Tag Archives: community history

The Toronto Church Memorials to Soldiers of the Great War Project

Ross Fair Each Remembrance Day, Torontonians assemble for services of remembrance at public cenotaphs such as the civic cenotaph at the front steps of Old City Hall, the University of Toronto’s Soldiers’ Tower and at the Cross of Sacrifice in Prospect Cemetery, where hundreds of Great War soldiers are buried. Yet, these public sites of remembrance represent but a small… Read more »

Memory and Objects: Family History, Local Economy, and Hook Rugs

Stephanie Pettigrew I would like to thank all of my family members who participated in helping me put this together, particularly my sister Debbie, my great-aunts Cecile, Stella, and Sophie, and my cousins Yvonne, Lisa, and Laura, who helped immensely with photos, by sharing memories, and spending hours chatting with me about what were sometimes difficult topics. Thank you. I… Read more »

Stories of Bottomless Pond

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By Isabelle and Ian McCallum Starting the summer vacation at the Simcoe County archives, museum and the Barrie library may seem as a different approach to welcoming the holidays. My 11 year old daughter, Isabelle, and I, however, were on a research mission to uncover the story about “Bottomless pond.” Having completed a ghost story project for her class, highlighting… Read more »

Museums and Community Partnerships

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Meredith Leonard At Halton Heritage Services, we’re all about working together with our community of heritage partners in sustained relationships of co-creation, collaboration and radical trust. In the last three years, we have engaged with community partners on exhibit development, building animation projects and school-age learning partnerships. Community partnerships are essential to our work at Heritage Services because we no… Read more »

Settler Records, Indigenous Histories: Challenges in Indigenous Genealogical Research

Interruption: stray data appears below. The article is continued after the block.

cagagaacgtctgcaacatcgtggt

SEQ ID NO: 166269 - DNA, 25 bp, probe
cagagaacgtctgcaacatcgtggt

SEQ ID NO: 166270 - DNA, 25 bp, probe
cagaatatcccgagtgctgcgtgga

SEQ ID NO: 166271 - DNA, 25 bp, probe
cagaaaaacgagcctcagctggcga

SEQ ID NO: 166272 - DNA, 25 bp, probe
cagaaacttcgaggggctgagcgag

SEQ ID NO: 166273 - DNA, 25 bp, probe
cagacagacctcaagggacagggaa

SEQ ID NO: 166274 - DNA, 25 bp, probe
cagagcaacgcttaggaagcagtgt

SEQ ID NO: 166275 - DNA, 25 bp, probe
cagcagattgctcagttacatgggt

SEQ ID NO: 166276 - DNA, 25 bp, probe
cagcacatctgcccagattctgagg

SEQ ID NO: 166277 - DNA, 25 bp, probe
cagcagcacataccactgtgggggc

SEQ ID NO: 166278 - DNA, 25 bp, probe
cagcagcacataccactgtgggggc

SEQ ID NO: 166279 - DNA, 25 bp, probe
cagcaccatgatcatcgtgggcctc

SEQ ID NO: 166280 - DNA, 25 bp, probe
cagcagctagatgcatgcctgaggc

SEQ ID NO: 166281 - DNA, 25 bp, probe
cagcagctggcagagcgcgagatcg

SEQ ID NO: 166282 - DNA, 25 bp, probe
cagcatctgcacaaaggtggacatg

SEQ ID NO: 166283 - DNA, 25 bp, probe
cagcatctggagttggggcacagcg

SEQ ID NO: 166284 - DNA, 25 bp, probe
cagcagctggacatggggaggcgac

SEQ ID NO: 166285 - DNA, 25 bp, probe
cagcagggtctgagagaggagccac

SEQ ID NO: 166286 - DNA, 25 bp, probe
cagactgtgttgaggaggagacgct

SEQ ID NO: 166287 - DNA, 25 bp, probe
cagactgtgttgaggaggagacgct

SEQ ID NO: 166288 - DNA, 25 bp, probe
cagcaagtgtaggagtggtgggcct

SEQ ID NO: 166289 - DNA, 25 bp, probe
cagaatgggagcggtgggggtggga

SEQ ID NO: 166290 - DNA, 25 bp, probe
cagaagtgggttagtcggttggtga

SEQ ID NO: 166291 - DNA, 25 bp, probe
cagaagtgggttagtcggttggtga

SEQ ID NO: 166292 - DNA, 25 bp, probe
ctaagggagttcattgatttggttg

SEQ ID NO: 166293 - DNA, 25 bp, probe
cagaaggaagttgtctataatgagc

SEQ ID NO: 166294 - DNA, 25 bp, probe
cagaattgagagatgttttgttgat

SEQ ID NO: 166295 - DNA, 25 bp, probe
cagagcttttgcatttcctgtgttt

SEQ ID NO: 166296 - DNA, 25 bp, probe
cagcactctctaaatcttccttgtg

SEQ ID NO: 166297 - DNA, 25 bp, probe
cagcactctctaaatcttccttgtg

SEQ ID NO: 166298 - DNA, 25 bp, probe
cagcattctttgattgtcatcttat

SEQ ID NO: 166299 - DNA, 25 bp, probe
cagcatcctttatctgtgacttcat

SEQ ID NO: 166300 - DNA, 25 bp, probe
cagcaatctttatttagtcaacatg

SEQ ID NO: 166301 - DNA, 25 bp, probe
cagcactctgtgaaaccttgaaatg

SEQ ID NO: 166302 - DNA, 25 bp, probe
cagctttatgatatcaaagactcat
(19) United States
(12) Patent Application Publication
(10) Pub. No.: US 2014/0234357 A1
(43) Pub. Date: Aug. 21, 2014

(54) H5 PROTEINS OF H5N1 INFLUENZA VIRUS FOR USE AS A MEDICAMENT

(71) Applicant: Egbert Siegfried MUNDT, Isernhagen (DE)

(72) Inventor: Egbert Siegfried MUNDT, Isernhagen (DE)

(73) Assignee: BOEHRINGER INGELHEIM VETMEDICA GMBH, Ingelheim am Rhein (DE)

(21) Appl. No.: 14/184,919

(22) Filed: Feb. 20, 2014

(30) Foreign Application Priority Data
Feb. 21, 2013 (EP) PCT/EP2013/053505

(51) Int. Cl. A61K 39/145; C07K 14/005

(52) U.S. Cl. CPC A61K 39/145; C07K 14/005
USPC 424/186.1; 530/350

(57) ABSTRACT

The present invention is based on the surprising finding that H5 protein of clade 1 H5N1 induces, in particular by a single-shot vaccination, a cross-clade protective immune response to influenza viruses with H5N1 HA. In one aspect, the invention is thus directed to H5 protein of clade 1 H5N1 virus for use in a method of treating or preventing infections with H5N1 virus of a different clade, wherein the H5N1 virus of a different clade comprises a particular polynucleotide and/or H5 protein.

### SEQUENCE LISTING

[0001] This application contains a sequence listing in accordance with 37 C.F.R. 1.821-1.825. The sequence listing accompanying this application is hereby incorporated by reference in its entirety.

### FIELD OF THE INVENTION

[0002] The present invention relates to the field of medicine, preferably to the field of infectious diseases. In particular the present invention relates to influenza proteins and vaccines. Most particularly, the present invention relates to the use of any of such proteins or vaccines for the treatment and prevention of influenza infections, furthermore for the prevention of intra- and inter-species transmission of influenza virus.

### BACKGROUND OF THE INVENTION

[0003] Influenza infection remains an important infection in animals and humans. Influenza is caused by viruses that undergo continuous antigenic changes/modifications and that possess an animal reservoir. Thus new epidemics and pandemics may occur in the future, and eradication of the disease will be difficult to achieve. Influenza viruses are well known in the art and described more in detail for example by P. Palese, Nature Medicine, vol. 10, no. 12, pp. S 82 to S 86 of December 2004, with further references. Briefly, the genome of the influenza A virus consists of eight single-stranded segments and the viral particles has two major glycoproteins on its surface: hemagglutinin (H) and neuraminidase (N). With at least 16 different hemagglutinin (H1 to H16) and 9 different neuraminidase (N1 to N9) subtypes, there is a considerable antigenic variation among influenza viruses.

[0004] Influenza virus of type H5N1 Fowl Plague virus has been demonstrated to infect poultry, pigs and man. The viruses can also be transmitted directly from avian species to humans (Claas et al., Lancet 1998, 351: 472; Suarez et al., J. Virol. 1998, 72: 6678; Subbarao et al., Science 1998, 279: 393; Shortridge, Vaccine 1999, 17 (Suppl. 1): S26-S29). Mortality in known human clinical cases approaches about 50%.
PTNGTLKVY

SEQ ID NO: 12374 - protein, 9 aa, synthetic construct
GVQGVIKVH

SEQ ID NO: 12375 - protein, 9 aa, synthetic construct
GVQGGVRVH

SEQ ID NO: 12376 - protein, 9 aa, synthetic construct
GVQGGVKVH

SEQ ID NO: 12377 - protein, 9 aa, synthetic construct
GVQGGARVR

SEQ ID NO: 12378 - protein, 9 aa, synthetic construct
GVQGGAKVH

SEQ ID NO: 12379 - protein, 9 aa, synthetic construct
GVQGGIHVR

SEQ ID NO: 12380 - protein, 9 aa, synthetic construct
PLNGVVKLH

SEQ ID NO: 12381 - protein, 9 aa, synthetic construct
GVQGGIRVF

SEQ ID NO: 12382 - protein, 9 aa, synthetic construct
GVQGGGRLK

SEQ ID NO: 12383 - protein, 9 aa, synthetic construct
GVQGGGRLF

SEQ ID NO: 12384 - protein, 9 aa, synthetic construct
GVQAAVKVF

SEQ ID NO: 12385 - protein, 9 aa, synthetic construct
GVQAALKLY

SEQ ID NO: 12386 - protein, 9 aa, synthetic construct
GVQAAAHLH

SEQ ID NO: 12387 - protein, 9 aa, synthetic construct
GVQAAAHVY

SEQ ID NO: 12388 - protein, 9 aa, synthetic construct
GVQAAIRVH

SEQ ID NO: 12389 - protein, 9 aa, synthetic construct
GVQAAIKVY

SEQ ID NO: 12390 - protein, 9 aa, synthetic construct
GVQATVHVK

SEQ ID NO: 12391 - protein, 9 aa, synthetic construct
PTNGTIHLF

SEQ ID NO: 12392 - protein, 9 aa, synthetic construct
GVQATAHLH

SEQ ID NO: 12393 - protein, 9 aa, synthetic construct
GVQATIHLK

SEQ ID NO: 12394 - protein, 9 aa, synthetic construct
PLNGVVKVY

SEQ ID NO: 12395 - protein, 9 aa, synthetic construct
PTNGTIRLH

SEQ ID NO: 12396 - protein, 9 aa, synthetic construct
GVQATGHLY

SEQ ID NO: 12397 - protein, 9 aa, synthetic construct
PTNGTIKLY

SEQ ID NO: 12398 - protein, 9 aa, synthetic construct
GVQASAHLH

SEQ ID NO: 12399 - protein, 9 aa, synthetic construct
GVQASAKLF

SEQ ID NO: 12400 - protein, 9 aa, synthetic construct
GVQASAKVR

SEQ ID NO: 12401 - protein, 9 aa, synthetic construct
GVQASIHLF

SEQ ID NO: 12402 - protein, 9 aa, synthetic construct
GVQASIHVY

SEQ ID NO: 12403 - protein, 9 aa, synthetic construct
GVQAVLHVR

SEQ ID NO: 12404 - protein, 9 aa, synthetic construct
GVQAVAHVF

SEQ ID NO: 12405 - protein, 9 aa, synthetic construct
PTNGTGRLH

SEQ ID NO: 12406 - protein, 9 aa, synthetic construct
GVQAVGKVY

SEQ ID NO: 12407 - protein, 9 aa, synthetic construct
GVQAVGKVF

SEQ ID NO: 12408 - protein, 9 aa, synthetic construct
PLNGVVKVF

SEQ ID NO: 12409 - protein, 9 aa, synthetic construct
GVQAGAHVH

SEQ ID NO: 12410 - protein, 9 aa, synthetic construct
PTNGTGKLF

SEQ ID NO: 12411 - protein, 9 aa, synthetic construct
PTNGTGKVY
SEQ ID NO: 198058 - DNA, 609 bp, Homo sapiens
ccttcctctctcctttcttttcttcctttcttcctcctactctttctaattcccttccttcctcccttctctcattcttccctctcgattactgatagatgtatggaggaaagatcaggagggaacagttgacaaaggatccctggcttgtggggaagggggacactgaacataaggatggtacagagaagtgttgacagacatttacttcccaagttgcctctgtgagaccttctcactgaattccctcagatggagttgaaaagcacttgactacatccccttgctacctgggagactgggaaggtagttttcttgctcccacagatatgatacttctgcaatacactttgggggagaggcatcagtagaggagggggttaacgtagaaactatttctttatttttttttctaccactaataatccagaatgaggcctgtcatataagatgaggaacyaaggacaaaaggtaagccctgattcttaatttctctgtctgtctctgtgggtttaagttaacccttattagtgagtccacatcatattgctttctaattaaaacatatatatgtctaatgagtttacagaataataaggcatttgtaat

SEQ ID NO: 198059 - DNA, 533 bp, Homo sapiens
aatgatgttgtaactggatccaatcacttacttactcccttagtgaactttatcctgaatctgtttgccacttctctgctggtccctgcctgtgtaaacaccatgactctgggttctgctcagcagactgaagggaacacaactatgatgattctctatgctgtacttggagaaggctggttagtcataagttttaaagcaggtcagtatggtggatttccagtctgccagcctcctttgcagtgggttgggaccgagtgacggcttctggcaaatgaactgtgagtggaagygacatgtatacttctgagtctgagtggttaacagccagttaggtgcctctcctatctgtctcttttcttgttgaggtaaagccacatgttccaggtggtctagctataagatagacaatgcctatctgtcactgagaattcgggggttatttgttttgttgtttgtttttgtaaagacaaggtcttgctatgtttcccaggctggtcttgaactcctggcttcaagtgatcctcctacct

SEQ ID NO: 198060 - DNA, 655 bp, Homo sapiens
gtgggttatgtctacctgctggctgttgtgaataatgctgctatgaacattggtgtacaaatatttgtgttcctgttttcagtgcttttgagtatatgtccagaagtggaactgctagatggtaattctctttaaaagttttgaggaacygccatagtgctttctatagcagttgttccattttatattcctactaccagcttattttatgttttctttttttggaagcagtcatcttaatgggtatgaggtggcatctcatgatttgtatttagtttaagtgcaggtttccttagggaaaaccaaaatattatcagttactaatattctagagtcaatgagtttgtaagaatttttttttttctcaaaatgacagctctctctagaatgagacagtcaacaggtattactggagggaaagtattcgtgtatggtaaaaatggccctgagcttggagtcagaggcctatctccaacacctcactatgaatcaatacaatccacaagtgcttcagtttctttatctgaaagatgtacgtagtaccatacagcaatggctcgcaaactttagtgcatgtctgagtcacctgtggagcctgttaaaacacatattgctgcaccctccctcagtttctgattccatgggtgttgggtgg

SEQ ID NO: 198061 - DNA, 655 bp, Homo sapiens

Stacey Devlin and Emily Cuggy Genealogy is having a moment; from genealogy websites and DNA test kits to television series like Who Do You Think You Are and Genealogy Roadshow, it’s undeniable that genealogical research and the underlying desire to discover one’s personal and familial identity are more popular than ever before. There are countless resources available to both the… Read more »

Changing the Narrative

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Jennifer Weymark Much like the saying “history is written by the victor” history also tends to be written by the privileged elite. Within the archival field in Canada, this privilege is directly connected to the colonial nature of archives. Across Canada, archival collections tend to be filled with documents related to, and from, the perspective of the upper echelon of… Read more »

Pop-Up Museums as a Vehicle for Community Building

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Meredith Leonard Since 2012 the St. Catherines Museum & Welland Canals Centre  has engaged in pop-up style programing as a vehicle through which to reach out to an under-served population in our community – millennials[1] While doing quite well with tourists, older adults and young families, has difficulty attracting and engaging new generations of visitors and supporters. This challenge isn’t… Read more »

Reclaiming spaces at Canada’s History Forum and the 2015 Governor General’s History Awards

by Stacey Devlin Humanity has an incurable habit of imposing meaning onto our surroundings. We transform every place we encounter into a landscape of the imagination, tinged by interpretation and experience, and populated by locations like “hometown,” “favourite fishing spot,” “sacred site,” and “mother country.” The tourism industry has long taken advantage of this to construct narratives which inspire travel,… Read more »

ActiveHistory.ca repost – ‘It’s history, like it or not’: the Significance of Sudbury’s Superstack

ActiveHistory.ca is on a three-week hiatus, but we’ll be back with new content in mid-August. During the hiatus, we’re featuring some of our most popular and favourite posts from the past year.  We will also be highlighting some of the special series and papers we’ve run this year. Thanks as always to our writers and readers. The following post was… Read more »

Indigenous History in the Classroom: Four Principles, Four Questions

By Carolyn Podruchny  Is teaching Indigenous history any different than teaching other histories? This question was posed to organizers of a day-long Teaching History Symposium on history, heritage, and education for Toronto area public school teachers, heritage experts, graduate students, and faculty members in the History Department at York University.[1] Rather than providing an answer, I suggest more questions to… Read more »